*Academic IELTS – 7.0 (no component lower than 7.0), OR
*TOEFL – 577 (plus minimum Test of Written English score of 5.5), OR
*TOEFL (internet based) – 100 (minimum writing score of 23), OR
*Pearson (PTE Academic) - 72

If you meet the academic requirements for a course, but not the minimum English requirements, you will be given the opportunity to take an English program to improve your skills in addition to an offer to study a degree at JCU. The JCU degree offer will be conditional upon the student gaining a certain grade in their English program. This combination of courses is called a packaged offer.
JCU’s English language provider is Union Institute of Languages (UIL). UIL have teaching centres on both the Townsville and Cairns campuses.

Minimum English language proficiency requirements

Applicants of non-English speaking backgrounds must meet the English language proficiency requirements of Band 3c – Schedule II of the JCU Admissions Policy.

Why JCU?

The Department of Psychology at James Cook University has a well-earned international reputation for excellence in teaching and research and the friendliness, helpfulness, accessibility and approachability of its academic and general staff.
Tutorial classes are amongst the smallest in the country, providing the opportunity for personalized assistance. The Department has very well-equipped, modern facilities on both the Cairns and Townsville campuses and excellent research infrastructure.

Application deadlines

• Last Friday in October for commencement in semester one (February) the following year

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The Clinical Embryology PGDip is an internationally recognised qualification that provides academic and professional development for clinical scientists and clinicians working in the field. Read more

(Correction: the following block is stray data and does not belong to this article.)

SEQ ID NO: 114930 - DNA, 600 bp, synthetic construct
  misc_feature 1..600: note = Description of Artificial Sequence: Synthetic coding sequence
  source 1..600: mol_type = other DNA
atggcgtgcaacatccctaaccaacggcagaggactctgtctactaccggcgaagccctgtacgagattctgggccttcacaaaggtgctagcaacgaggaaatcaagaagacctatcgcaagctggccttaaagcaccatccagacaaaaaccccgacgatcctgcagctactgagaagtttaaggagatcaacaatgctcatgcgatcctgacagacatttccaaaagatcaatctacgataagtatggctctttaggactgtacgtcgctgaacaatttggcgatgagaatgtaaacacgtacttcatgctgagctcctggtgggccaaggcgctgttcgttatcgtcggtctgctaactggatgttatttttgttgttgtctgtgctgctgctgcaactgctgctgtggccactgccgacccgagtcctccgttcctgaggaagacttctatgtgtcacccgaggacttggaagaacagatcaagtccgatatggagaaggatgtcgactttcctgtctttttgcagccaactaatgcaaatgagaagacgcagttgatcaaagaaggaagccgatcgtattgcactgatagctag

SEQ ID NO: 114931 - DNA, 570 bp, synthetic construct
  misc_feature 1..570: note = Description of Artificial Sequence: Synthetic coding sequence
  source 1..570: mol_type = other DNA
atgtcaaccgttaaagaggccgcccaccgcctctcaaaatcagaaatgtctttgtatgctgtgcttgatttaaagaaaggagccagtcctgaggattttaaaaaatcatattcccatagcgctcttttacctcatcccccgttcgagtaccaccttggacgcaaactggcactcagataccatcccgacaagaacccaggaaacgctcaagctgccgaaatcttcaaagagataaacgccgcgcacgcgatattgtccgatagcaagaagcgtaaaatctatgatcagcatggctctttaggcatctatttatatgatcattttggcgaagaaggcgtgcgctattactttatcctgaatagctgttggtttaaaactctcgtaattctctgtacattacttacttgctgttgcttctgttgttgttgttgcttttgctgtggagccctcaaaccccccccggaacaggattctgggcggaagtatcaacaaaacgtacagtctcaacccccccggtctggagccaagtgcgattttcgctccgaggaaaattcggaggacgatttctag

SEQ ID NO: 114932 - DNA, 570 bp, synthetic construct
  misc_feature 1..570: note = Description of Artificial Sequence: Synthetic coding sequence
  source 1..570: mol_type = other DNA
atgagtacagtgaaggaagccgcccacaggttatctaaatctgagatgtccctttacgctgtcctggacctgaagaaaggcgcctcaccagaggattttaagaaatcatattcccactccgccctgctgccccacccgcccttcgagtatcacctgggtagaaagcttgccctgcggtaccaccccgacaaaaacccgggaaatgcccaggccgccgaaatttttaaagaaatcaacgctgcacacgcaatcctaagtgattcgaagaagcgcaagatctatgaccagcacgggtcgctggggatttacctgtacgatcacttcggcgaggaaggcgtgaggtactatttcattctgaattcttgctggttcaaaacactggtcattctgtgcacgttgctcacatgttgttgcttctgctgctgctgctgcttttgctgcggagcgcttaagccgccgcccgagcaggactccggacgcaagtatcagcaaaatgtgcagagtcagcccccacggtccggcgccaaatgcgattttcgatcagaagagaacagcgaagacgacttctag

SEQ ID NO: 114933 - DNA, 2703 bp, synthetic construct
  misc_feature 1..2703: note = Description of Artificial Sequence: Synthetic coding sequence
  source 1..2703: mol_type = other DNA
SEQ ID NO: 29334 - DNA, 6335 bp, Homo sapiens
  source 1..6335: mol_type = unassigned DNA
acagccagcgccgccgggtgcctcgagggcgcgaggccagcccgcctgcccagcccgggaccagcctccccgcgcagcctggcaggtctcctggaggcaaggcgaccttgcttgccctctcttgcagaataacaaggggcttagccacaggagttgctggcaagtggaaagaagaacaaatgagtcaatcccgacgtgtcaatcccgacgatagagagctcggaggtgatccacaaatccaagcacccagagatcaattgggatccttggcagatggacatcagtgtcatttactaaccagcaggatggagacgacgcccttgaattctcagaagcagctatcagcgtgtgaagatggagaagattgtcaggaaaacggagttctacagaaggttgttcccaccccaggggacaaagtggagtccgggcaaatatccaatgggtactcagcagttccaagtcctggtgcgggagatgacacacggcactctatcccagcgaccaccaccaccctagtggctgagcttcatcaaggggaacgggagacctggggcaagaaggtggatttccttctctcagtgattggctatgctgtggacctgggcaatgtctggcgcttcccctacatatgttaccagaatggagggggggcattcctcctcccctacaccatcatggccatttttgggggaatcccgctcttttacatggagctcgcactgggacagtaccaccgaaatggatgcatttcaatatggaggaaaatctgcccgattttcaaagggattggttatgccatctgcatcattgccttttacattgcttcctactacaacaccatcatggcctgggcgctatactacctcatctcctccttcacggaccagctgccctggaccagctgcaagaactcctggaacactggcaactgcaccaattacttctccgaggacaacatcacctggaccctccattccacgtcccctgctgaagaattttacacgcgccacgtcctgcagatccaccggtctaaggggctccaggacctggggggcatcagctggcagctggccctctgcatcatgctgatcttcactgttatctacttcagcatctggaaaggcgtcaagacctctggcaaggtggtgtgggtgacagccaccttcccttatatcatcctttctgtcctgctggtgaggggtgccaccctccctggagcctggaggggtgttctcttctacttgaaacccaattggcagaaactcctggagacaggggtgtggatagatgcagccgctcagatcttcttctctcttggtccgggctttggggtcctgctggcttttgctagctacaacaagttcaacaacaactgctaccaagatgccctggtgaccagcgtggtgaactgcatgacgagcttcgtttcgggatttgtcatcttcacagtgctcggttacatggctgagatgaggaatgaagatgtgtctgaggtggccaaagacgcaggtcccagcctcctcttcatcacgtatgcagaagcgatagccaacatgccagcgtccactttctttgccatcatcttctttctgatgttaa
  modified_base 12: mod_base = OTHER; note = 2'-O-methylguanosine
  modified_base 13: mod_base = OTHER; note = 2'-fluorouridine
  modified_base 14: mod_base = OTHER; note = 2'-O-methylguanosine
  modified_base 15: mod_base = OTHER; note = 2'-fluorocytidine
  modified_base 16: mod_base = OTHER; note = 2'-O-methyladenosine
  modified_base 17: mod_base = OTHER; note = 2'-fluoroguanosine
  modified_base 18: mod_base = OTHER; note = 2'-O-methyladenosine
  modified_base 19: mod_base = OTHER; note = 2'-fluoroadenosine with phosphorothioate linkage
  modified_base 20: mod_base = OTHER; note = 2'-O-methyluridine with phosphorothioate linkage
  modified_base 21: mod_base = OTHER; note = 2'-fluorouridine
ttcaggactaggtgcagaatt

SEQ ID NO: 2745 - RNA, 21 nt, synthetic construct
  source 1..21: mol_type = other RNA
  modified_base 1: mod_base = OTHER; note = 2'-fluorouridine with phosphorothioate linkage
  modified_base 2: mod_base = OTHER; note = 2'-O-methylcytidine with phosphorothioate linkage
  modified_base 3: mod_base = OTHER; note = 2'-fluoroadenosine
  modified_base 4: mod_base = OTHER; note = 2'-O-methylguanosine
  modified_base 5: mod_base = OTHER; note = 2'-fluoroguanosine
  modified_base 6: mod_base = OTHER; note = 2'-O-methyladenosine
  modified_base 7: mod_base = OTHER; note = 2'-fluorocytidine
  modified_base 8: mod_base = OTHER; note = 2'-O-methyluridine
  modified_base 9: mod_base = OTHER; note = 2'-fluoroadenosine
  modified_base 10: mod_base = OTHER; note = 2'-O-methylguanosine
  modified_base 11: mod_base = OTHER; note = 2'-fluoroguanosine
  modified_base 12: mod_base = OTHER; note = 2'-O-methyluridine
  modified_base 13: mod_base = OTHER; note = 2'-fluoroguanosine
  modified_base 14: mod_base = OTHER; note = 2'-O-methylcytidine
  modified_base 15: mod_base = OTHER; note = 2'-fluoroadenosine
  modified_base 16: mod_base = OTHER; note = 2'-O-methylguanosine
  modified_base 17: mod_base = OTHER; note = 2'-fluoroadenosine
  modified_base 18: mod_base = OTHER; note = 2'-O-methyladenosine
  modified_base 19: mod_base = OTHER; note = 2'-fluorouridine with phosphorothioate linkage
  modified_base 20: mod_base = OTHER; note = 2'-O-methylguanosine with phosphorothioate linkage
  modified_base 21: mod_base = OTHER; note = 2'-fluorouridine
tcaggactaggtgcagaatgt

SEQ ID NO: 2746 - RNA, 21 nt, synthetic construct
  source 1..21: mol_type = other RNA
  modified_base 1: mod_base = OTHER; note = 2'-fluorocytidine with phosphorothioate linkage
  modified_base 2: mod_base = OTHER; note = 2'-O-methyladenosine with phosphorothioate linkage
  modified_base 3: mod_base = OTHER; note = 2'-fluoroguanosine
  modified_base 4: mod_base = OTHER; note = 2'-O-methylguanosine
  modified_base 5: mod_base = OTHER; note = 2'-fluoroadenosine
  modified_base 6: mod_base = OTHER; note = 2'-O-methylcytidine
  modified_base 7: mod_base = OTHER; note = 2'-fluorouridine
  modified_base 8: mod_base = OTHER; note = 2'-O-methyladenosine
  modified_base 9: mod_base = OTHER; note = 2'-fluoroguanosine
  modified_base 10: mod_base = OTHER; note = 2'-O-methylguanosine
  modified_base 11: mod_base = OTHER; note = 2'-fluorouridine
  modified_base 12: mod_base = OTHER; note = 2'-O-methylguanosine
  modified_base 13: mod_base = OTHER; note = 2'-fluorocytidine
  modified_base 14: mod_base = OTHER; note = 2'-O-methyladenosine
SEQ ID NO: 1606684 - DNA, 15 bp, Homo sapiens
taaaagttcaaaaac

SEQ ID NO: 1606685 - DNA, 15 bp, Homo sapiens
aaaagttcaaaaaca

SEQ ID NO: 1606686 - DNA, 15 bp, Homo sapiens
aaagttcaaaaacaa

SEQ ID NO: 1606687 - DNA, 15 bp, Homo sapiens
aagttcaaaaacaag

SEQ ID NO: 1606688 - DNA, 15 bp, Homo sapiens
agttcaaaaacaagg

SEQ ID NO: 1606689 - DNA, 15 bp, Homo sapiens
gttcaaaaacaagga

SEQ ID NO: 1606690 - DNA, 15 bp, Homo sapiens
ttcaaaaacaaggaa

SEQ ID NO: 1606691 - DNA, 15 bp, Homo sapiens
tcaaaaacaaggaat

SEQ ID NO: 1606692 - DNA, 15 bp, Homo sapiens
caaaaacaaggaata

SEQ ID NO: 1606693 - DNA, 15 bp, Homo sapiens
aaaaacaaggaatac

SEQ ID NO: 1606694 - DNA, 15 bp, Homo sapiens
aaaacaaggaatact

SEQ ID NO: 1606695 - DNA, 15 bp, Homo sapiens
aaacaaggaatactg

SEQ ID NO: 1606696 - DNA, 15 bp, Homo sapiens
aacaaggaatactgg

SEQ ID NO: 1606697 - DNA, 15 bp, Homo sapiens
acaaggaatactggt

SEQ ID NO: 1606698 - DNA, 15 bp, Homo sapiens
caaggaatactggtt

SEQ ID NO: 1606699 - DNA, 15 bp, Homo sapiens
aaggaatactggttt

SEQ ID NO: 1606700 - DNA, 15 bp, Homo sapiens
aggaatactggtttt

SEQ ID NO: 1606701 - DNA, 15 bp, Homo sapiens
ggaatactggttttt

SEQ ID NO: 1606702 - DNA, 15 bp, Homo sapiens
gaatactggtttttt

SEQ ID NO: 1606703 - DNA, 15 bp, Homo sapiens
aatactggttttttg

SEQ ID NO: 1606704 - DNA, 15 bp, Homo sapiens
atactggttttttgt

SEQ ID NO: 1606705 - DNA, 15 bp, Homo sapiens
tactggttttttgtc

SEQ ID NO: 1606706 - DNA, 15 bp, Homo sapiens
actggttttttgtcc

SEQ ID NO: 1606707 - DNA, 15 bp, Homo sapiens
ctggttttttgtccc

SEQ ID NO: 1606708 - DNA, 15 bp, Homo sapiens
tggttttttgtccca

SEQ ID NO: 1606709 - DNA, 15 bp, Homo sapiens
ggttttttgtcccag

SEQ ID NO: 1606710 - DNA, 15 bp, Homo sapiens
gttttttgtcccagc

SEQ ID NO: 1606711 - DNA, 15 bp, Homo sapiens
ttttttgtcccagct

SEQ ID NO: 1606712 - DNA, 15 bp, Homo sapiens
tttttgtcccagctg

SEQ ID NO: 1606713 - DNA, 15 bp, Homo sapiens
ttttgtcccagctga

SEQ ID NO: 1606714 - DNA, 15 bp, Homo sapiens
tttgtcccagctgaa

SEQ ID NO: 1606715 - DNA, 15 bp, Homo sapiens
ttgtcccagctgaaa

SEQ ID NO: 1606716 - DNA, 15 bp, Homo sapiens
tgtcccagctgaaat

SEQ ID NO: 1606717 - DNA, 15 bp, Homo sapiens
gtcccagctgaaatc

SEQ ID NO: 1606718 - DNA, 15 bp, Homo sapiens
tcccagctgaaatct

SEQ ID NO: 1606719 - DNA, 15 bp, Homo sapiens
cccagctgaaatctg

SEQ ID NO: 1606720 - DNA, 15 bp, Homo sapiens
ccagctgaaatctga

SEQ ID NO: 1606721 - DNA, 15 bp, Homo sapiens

The Clinical Embryology PGDip is an internationally recognised qualification that provides academic and professional development for clinical scientists and clinicians working in the field. It is delivered by distance learning, allowing you to remain in full-time employment.

The programme aims to provide a high standard of education in clinical embryology and to provide enhanced academic and professional development for clinical scientists and clinicians working in the field through provision of a recognised qualification which will contribute to uniformity of knowledge in the theory and practice of clinical embryology.

It was the first web-based MSc programme in clinical embryology, established in 2000. Since then nearly 300 students, from around 40 countries, have attended. The programme was developed by the Division of Reproduction and Early Development in association with the Leeds Centre for Reproductive Medicine (LCRM) at the Leeds Teaching Hospitals NHS Trust.

More information

The programme leader is John Huntriss. Course lecturers include staff from the University of Leeds, Bourn Hall Clinic in Cambridge, Leeds Centre for Reproductive Medicine, University College London and the University of Sheffield.

You can also study this subject at Masters level (distance learning).

Course content

Building on your existing knowledge and experience, the programme offers advanced learning in clinical embryology. It aims to help establish good practice in the field of assisted reproductive technologies.

Through a series of compulsory modules, you’ll develop your knowledge of both the theory and practice of clinical embryology.

Course structure

Year 1 Compulsory modules

  • Fundamentals of Clinical Embryology 45 credits
  • IVF and Embryo Culture 35 credits

Year 2 Compulsory modules

  • Micromanipulation 15 credits
  • Cryobiology and Cryopreservation 15 credits